The Olympus E-M5 is distinguished by the world’s first 5-axis image-stabilization mechanism capable of reducing the effects of camera motion and image blur from five directions on stills and video, even including motion blur caused by the photographer walking or running. Previous IS mechanisms compensated for camera shake by addressing only two kinds of movement along the vertical and horizontal axis. However, camera shake can actually be caused by five different kinds of movement: horizontal shift, vertical shift, rotary motion, as well as the yaw and pitch. While some technology has attempted to correct for camera blur by building the Image Stabilization mechanism into the lens, the Olympus E-M5 IS mechanism is incorporated into the camera body itself so that all lenses mounted on the body can take advantage of this sophisticated technology, whether shooting stills or HD video.

Blazing Speed

Focus and shoot faster with record-breaking autofocus speed and imaging processing. The Olympus E-M5 employs the FAST (Frequency Acceleration Sensor Technology) AF system, introduced in the PEN E-P3, but with even greater speed. The 16MP Live MOS chip drives image data off the sensor at a blazing 240 frames-per-second, a 2X speed increase in Continuous Autofocus, with reduced image blackout enabling photographers to track fast action, Maximum frame rates in sequential shooting have also increased more than 2X with a max frame rate of 9-fps in Single AF. A new 3D tracking AF system can follow the subject through the X-, Y- and Z-axes to dramatically improve focus on moving subjects. Paired with the M.ZUIKO DIGITAL ED 12-50-mm f3.5-6.3 electronic zoom lens for optimum focusing speed, fast camera start-up times and operational speeds enable the photographer to keep up with the most challenging shooting situations, while dual control dials and dedicated function buttons help them adjust settings on-the-fly.

Creative Freedom

The Olympus E-M5 features a 3.0-inch tilting OLED touch-screen to enable photographers to get up high or down low for any shot. The touch screen interface offers intuitive focus and release of the shutter and review and enlargement of images in playback with the touch of a finger. The new Live Bulb feature updates the Live View image on the OLED screen at pre-set intervals during long exposures and enables the user to preview continually unfolding action such as fireworks or waterfalls and adjust the exposure time accordingly while capturing the image at the desired moment. An innovative new interface, EVF Creative Control, produces a tone curve overlay on the viewfinder screen to enable separate adjustment of highlight and shadow brightness, white balance, magnification and aspect ratio can also be manipulated via the EVF

A new “Key Line” Art Filter joins ten other available filters on the Olympus E-M5 and enhances the edge lines of the image to make it look more like an illustration. New “Cross Process II” and “Dramatic Tone II” Art Filters provide variations on the popular existing filters, and the two new Echo effect for movies leaves a momentary residual image of a subject’s movements when activated during movie recording. Users who like to perform their movie post-editing on a PC will particularly appreciate the Full HD 1080i movie recording function, which adopts the MOV format (MPEG-4 AVC/H.264).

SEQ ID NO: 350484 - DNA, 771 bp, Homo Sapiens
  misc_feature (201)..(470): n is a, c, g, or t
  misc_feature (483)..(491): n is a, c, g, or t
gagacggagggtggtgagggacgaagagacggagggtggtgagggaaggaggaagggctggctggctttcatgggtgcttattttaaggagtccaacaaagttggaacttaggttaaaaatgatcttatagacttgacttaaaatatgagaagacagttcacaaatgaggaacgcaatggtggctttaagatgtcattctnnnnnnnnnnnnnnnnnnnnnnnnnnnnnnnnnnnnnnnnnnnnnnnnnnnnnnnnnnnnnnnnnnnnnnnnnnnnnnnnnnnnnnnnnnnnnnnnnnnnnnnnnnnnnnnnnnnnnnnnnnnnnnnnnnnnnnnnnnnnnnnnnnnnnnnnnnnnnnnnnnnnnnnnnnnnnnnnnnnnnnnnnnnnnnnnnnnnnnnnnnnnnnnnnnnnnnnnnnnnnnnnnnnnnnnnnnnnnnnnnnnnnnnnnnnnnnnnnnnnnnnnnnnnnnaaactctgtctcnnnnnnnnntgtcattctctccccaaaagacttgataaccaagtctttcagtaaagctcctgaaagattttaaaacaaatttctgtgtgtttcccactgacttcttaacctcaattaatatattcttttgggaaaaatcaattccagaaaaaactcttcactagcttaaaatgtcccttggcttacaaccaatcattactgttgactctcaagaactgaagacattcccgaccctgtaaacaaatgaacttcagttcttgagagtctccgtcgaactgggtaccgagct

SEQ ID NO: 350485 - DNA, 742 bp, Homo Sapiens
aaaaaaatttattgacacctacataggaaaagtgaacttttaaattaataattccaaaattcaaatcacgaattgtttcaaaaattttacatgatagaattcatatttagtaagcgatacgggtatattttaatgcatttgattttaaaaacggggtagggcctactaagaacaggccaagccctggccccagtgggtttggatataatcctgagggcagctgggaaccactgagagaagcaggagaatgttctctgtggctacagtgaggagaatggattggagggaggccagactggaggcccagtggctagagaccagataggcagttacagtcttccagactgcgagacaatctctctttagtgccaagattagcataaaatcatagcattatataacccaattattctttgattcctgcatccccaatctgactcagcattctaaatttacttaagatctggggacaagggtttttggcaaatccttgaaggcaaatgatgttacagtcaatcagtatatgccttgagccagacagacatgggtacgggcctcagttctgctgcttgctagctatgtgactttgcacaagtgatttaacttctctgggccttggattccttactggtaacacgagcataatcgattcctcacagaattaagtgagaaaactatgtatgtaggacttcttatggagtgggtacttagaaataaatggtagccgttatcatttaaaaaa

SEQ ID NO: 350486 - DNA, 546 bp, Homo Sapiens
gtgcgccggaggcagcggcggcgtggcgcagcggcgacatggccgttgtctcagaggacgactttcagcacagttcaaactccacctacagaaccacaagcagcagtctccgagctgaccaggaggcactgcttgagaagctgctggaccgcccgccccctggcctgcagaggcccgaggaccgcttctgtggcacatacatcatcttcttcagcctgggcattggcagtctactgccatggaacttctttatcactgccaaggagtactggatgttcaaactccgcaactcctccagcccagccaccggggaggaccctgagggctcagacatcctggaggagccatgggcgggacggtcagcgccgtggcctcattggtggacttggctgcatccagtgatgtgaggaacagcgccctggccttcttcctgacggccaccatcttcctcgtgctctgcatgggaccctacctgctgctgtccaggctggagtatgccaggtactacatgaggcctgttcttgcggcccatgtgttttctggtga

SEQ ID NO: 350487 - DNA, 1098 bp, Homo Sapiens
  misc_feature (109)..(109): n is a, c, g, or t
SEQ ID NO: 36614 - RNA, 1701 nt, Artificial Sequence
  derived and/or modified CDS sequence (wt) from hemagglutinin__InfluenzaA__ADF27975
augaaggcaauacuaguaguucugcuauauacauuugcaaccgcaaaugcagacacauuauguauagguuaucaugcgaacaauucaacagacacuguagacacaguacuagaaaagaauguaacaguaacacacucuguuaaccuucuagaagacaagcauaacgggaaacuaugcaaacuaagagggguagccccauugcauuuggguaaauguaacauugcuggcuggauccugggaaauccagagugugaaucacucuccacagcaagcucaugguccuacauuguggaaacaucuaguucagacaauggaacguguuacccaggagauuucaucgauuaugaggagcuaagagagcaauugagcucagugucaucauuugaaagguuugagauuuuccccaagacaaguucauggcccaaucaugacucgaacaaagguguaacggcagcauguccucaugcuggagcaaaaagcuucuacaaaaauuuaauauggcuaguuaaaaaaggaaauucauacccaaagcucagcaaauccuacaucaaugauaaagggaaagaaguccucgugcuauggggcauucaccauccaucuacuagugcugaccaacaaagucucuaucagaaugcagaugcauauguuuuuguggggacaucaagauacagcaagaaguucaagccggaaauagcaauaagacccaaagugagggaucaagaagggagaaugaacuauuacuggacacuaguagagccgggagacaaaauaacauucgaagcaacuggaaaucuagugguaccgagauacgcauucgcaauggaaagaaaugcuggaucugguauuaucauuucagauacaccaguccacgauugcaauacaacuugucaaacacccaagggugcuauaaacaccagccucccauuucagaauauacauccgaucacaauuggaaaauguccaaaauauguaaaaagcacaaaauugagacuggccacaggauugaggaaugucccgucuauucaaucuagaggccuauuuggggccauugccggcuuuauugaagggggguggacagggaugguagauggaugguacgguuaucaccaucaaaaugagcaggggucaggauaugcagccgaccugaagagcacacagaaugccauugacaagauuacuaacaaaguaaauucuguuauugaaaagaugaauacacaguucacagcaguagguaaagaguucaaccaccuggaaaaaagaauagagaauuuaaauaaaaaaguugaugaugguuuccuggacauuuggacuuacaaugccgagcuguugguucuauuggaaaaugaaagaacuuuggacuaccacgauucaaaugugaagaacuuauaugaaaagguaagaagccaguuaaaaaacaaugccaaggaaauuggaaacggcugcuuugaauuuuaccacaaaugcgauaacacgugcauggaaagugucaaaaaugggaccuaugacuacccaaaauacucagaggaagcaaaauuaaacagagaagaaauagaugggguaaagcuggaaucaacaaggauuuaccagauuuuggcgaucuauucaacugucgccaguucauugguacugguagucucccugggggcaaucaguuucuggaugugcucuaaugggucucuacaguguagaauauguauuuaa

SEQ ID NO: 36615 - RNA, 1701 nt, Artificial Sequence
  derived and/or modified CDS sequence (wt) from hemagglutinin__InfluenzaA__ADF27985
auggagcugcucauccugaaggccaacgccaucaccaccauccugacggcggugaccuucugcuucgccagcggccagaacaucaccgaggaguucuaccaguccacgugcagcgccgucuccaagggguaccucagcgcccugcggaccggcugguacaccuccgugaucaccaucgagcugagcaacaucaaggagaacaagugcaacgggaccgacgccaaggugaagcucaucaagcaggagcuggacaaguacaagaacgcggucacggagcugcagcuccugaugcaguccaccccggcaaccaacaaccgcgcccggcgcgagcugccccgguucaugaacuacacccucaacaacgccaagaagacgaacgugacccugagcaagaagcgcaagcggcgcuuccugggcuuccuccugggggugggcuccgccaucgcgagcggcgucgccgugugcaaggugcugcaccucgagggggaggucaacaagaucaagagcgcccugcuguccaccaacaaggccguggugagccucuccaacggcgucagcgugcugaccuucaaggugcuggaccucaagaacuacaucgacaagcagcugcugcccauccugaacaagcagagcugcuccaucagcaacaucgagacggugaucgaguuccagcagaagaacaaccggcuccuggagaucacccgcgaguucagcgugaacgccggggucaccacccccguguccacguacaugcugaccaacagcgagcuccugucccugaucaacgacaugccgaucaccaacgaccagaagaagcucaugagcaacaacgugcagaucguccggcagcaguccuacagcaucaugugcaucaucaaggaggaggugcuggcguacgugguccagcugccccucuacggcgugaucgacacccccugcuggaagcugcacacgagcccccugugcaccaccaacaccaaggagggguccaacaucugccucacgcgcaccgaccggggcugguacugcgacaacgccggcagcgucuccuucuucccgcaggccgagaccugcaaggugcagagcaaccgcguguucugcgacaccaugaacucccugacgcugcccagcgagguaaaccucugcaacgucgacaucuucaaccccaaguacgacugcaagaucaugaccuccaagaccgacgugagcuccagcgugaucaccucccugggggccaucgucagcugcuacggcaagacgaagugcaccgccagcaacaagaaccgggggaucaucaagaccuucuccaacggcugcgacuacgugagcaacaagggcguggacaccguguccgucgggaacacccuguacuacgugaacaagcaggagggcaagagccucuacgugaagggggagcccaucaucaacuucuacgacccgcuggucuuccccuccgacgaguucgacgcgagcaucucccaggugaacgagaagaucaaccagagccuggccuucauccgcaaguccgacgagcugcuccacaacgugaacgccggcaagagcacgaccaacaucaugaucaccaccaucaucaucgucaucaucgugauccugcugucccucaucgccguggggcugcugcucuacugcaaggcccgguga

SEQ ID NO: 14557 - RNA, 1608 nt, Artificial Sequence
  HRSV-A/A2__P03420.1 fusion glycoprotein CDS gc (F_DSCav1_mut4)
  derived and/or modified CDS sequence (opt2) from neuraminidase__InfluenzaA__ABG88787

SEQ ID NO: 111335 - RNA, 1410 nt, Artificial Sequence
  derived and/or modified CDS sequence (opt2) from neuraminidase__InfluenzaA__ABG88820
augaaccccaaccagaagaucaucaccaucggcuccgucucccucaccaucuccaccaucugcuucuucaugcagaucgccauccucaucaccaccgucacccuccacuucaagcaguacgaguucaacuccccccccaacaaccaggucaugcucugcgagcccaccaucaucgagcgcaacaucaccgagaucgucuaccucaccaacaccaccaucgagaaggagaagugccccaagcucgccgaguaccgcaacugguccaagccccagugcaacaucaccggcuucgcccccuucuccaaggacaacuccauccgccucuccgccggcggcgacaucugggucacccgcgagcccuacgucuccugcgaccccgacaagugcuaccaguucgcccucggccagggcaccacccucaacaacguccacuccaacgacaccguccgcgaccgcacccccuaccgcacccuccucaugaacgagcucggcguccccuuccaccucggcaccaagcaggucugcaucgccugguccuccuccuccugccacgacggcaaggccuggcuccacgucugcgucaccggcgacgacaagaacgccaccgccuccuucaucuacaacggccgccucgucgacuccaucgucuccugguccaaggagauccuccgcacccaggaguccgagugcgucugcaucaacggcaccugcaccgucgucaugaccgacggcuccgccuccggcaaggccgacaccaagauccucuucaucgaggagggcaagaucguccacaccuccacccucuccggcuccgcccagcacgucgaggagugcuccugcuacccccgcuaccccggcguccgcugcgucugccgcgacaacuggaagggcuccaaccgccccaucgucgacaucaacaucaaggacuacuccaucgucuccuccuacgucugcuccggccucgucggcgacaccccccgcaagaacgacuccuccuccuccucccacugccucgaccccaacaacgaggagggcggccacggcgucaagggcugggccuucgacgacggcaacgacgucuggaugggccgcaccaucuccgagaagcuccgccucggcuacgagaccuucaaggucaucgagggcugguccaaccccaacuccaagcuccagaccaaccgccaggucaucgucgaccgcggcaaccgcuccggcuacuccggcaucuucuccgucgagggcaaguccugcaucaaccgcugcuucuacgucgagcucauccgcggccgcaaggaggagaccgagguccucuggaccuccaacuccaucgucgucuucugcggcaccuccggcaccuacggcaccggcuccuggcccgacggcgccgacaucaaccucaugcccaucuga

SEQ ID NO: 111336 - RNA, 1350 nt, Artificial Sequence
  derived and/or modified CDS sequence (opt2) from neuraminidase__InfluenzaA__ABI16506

Powerful Portability and Rugged Durability

The striking, iconic design of the Olympus E-M5 is more than just looks; its magnesium alloy body is rugged enough to stand up to severe environmental conditions like heavy rain and blowing sand. The Olympus E-M5 employs internal seals extensively and, when the new M.ZUIKO DIGITAL ED 12-50 mm f3.5-6.3 EZ lens is attached, this combination delivers an integrated dustproof and splashproof camera system. The electronic viewfinder section of the body is also made of magnesium alloy to ensure durability, and the FL-LM2 Electronic Flash that ships with the camera features the same dustproof and splashproof construction.

New Lenses and Accessories for Every Shooting Challenge

The HLD-6 Power Battery Grip, in the same dust- and splashproof construction as the Olympus E-M5 body, is an adaptable, two-part grip that can be used either as a landscape grip for easier handling or as a portrait grip with an additional shutter release. The portrait grip accommodates an extra lithium-ion battery to supplement the one in the E-M5, thus extending battery life. The FL-600R electronic flash (GN 50 at ISO 200 or GN 36 at ISO 100) offers improved recharge time and enhanced flexibility and operability for movie recording, and with a wireless control option. Equipped with a built-in LED, the FL-600R can be used to light movies and as a brighter AF auxiliary light. The MMF-3 Four Thirds mount adapter is designed for mounting a Four Thirds Standard-compliant lens on a Micro Four Thirds Standard-compliant camera body. The MMF-3, which also features dust- and splashproof construction, is ideally suited for use with Olympus’ similarly constructed High Grade and Super High Grade lenses.